Is IB chemistry more difficult than a level chemistry?

Chemistry is a popular and necessary topic for many degrees. Therefore it is no wonder that there are many IB chemistry versus A Level chemistry debates on the internet about which program is the easier path into university. In this blog, we can evaluate the current IB and A Level chemistry requirements based on content to determine which is truly more challenging. Of course, this is purely subjective. Let’s begin with the content in Tuttee:


Both programs necessitate a solid understanding of Hess’ Law, but IB students must deal with more difficult, four-part energy cycles. The IB covers entropy and Gibbs energy in more depth and with a larger mathematical emphasis. This provides IB students with a far more comprehensive understanding of the material as well as a broader variety of exam questions to prepare for.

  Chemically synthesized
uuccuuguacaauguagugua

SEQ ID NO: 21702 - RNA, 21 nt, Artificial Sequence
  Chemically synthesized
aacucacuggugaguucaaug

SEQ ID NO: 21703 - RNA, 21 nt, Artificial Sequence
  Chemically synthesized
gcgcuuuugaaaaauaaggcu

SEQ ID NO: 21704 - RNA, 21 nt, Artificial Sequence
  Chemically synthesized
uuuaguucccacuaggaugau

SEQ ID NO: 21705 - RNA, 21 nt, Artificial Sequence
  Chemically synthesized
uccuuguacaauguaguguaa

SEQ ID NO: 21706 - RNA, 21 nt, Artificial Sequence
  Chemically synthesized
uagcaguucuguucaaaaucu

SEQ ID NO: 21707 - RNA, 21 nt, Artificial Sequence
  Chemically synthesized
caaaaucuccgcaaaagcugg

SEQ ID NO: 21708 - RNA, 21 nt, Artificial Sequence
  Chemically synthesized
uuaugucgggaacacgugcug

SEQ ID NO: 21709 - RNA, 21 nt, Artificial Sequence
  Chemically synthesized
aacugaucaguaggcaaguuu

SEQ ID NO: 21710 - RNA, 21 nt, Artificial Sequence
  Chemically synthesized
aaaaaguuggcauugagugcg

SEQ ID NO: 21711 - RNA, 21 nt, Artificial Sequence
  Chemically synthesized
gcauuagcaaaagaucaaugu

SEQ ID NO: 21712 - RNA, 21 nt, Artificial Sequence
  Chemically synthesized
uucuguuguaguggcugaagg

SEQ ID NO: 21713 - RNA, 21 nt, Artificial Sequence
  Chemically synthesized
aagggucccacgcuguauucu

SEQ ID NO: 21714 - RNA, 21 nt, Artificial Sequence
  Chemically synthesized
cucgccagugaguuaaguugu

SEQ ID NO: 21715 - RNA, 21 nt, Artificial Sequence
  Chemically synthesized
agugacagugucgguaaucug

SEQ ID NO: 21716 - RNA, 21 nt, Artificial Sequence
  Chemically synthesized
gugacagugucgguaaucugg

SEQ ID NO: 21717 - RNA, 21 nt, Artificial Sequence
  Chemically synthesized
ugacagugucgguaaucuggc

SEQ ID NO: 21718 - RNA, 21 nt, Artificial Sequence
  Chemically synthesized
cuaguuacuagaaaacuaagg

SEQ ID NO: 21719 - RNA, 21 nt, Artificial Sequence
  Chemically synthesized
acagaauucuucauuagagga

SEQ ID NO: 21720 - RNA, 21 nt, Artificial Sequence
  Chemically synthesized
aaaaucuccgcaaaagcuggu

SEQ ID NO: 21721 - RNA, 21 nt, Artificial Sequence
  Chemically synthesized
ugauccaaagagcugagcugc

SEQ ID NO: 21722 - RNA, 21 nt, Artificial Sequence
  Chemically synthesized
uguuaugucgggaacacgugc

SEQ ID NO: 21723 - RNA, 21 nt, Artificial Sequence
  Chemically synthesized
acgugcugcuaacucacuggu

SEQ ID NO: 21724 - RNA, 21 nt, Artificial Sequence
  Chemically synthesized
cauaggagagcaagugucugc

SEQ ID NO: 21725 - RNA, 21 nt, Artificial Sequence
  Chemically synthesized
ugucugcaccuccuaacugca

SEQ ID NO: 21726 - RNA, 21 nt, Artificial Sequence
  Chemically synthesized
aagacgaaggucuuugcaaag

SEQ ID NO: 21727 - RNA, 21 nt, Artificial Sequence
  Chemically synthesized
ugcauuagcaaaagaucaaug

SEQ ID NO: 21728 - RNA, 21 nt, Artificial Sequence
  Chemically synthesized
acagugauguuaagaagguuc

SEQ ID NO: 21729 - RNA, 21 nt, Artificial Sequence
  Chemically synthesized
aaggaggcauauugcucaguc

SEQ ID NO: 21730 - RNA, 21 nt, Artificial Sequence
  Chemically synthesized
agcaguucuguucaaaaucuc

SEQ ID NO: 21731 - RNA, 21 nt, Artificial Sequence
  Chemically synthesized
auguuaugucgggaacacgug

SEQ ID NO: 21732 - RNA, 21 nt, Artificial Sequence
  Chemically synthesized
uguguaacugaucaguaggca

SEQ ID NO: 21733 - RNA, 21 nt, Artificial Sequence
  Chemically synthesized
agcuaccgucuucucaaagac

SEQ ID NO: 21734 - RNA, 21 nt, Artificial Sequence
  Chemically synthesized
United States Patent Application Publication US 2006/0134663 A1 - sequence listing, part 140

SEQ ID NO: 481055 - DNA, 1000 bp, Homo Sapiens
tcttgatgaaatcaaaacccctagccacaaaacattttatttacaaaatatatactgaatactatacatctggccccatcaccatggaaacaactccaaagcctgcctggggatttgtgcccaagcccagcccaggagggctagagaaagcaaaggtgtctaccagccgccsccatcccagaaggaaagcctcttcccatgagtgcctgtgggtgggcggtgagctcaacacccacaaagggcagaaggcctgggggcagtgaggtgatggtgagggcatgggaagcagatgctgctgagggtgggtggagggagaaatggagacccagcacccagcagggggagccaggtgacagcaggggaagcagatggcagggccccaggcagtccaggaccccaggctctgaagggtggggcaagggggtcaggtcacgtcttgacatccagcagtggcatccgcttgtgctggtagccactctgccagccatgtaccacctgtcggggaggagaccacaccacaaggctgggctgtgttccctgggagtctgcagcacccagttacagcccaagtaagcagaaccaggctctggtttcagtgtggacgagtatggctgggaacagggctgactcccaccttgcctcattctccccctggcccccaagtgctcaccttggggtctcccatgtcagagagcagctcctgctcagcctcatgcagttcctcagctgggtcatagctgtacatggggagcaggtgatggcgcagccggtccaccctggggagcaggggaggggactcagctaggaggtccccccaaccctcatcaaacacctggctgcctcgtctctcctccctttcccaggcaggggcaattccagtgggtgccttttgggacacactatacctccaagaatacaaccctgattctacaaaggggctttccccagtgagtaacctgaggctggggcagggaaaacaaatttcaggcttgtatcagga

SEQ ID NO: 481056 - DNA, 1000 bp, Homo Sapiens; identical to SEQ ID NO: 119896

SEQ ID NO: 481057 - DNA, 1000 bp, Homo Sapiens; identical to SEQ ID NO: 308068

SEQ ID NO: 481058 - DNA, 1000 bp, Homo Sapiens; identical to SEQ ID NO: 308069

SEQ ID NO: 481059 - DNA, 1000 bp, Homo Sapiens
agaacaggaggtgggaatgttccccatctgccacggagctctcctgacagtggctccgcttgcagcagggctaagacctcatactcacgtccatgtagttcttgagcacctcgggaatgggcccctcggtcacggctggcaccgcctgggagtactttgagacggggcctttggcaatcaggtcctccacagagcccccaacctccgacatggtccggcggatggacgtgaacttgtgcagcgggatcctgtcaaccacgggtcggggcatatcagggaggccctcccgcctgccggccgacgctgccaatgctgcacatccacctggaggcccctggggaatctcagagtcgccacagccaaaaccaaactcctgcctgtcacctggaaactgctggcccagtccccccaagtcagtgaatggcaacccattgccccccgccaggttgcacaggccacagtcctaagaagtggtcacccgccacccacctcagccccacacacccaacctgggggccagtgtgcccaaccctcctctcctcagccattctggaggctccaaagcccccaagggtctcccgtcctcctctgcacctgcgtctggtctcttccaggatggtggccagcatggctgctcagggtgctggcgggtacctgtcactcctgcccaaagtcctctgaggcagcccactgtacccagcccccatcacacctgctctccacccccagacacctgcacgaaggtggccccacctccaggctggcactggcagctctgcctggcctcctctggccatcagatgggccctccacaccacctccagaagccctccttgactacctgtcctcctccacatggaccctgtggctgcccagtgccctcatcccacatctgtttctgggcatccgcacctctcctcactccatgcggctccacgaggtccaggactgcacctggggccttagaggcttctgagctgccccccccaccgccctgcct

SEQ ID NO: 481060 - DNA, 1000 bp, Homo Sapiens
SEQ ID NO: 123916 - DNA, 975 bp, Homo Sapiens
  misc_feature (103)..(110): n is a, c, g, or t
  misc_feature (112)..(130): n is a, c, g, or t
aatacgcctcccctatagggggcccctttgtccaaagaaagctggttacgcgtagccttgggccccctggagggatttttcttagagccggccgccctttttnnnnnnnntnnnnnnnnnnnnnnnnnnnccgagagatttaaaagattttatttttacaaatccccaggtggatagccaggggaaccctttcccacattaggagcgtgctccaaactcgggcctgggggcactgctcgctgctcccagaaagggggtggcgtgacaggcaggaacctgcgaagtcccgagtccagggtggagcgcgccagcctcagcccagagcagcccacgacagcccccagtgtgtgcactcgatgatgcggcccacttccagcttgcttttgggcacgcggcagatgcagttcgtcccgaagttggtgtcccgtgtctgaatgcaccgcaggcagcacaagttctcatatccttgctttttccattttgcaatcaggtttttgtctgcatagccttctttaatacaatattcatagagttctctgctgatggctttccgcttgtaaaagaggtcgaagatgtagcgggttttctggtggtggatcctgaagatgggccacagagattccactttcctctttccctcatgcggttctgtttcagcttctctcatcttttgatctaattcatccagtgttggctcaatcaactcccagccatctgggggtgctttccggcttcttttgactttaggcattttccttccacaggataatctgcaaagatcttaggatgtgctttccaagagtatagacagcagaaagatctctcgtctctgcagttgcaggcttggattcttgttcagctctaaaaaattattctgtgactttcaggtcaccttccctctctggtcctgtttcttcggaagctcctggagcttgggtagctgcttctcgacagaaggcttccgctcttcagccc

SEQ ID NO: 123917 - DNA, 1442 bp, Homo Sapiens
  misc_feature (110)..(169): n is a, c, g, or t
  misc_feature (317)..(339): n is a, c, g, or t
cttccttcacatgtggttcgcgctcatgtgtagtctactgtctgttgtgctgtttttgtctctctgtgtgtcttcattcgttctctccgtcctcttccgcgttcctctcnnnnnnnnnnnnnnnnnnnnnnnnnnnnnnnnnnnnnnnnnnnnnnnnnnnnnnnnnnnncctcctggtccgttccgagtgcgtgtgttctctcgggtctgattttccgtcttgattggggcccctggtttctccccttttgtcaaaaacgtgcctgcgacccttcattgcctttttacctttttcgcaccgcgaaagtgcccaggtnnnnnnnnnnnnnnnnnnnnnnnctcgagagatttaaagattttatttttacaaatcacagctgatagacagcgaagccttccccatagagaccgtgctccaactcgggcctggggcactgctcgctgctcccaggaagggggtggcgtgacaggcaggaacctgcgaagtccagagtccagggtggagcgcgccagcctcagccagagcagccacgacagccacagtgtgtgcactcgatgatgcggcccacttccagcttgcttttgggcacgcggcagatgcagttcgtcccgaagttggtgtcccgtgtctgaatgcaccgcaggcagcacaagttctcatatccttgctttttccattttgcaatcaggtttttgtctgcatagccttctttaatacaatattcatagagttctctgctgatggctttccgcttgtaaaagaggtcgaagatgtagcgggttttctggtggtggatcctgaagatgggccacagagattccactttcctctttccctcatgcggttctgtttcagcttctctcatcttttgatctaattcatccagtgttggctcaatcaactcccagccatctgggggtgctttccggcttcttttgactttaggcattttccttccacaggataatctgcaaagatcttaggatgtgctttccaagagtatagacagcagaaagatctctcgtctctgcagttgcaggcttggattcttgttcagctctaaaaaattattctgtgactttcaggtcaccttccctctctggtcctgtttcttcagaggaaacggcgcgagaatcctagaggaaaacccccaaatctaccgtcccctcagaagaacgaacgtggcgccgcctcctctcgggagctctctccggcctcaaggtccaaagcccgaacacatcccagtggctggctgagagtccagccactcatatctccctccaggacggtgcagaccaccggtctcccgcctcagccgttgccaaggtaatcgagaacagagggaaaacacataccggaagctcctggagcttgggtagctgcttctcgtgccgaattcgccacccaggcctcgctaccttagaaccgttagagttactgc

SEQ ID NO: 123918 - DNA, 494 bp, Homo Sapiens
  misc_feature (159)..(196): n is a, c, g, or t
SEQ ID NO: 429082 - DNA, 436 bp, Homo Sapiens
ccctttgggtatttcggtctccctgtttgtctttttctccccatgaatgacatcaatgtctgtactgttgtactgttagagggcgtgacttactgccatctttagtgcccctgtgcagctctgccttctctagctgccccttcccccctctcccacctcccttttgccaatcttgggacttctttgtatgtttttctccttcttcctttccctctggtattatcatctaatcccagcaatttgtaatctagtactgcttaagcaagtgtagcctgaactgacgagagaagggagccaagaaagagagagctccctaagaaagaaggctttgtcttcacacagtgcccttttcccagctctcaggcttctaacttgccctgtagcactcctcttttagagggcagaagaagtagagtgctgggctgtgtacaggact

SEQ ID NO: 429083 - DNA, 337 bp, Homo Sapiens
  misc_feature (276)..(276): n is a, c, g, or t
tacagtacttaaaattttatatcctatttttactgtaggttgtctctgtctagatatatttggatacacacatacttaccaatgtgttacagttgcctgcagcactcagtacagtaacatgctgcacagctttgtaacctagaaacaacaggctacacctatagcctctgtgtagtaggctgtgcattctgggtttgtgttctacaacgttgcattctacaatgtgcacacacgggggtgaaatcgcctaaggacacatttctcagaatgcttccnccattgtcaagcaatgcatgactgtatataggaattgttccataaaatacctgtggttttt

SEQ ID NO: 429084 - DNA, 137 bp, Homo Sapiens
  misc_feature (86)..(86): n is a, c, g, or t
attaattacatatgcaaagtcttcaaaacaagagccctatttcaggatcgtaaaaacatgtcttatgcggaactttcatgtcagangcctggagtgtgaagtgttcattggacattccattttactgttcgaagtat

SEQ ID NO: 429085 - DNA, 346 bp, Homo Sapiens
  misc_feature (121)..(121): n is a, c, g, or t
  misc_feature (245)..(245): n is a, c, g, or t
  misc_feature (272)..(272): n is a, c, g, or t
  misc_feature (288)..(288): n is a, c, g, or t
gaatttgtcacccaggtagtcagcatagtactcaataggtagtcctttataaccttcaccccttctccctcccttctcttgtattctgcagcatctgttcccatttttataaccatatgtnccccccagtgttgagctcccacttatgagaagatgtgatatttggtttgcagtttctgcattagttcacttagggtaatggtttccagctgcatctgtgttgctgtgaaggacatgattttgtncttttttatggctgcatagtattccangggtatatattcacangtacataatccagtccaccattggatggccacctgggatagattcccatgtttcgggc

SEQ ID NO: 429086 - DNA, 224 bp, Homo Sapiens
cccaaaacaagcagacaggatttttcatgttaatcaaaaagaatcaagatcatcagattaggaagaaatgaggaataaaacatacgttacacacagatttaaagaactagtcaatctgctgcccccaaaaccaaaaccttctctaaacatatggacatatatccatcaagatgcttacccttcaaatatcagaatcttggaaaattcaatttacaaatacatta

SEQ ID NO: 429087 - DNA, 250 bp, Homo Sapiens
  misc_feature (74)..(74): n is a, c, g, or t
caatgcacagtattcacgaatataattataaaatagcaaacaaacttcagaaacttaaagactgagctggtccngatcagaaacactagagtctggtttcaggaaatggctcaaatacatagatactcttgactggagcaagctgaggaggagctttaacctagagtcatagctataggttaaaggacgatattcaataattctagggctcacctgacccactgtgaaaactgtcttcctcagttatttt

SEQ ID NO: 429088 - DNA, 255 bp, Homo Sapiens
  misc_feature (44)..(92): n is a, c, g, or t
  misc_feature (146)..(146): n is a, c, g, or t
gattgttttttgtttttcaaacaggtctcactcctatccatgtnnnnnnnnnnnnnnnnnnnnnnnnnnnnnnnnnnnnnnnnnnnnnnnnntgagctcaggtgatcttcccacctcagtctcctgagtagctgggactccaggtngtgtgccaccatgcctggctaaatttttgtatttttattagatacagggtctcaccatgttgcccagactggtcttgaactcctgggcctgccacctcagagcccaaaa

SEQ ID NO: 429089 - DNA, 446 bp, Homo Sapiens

Organic Chemistry

The current IB syllabus has less organic chemistry than the old one, which also included the ‘Further Organic Chemistry’ option. The A Level includes additional organic reactions, reagents, conditions, and mechanisms to learn. Both programs ask you to create four-step synthetic routes, however A Level organic synthesis questions are more difficult and need knowledge of a significantly larger chemical toolset.

It should also be emphasised that in order to receive their diploma, ib chemistry class students must take five additional subjects (all of which have challenging coursework requirements) and complete an Extended Essay, Theory of Knowledge essay, as well as Creativity, Activity, and Service activity.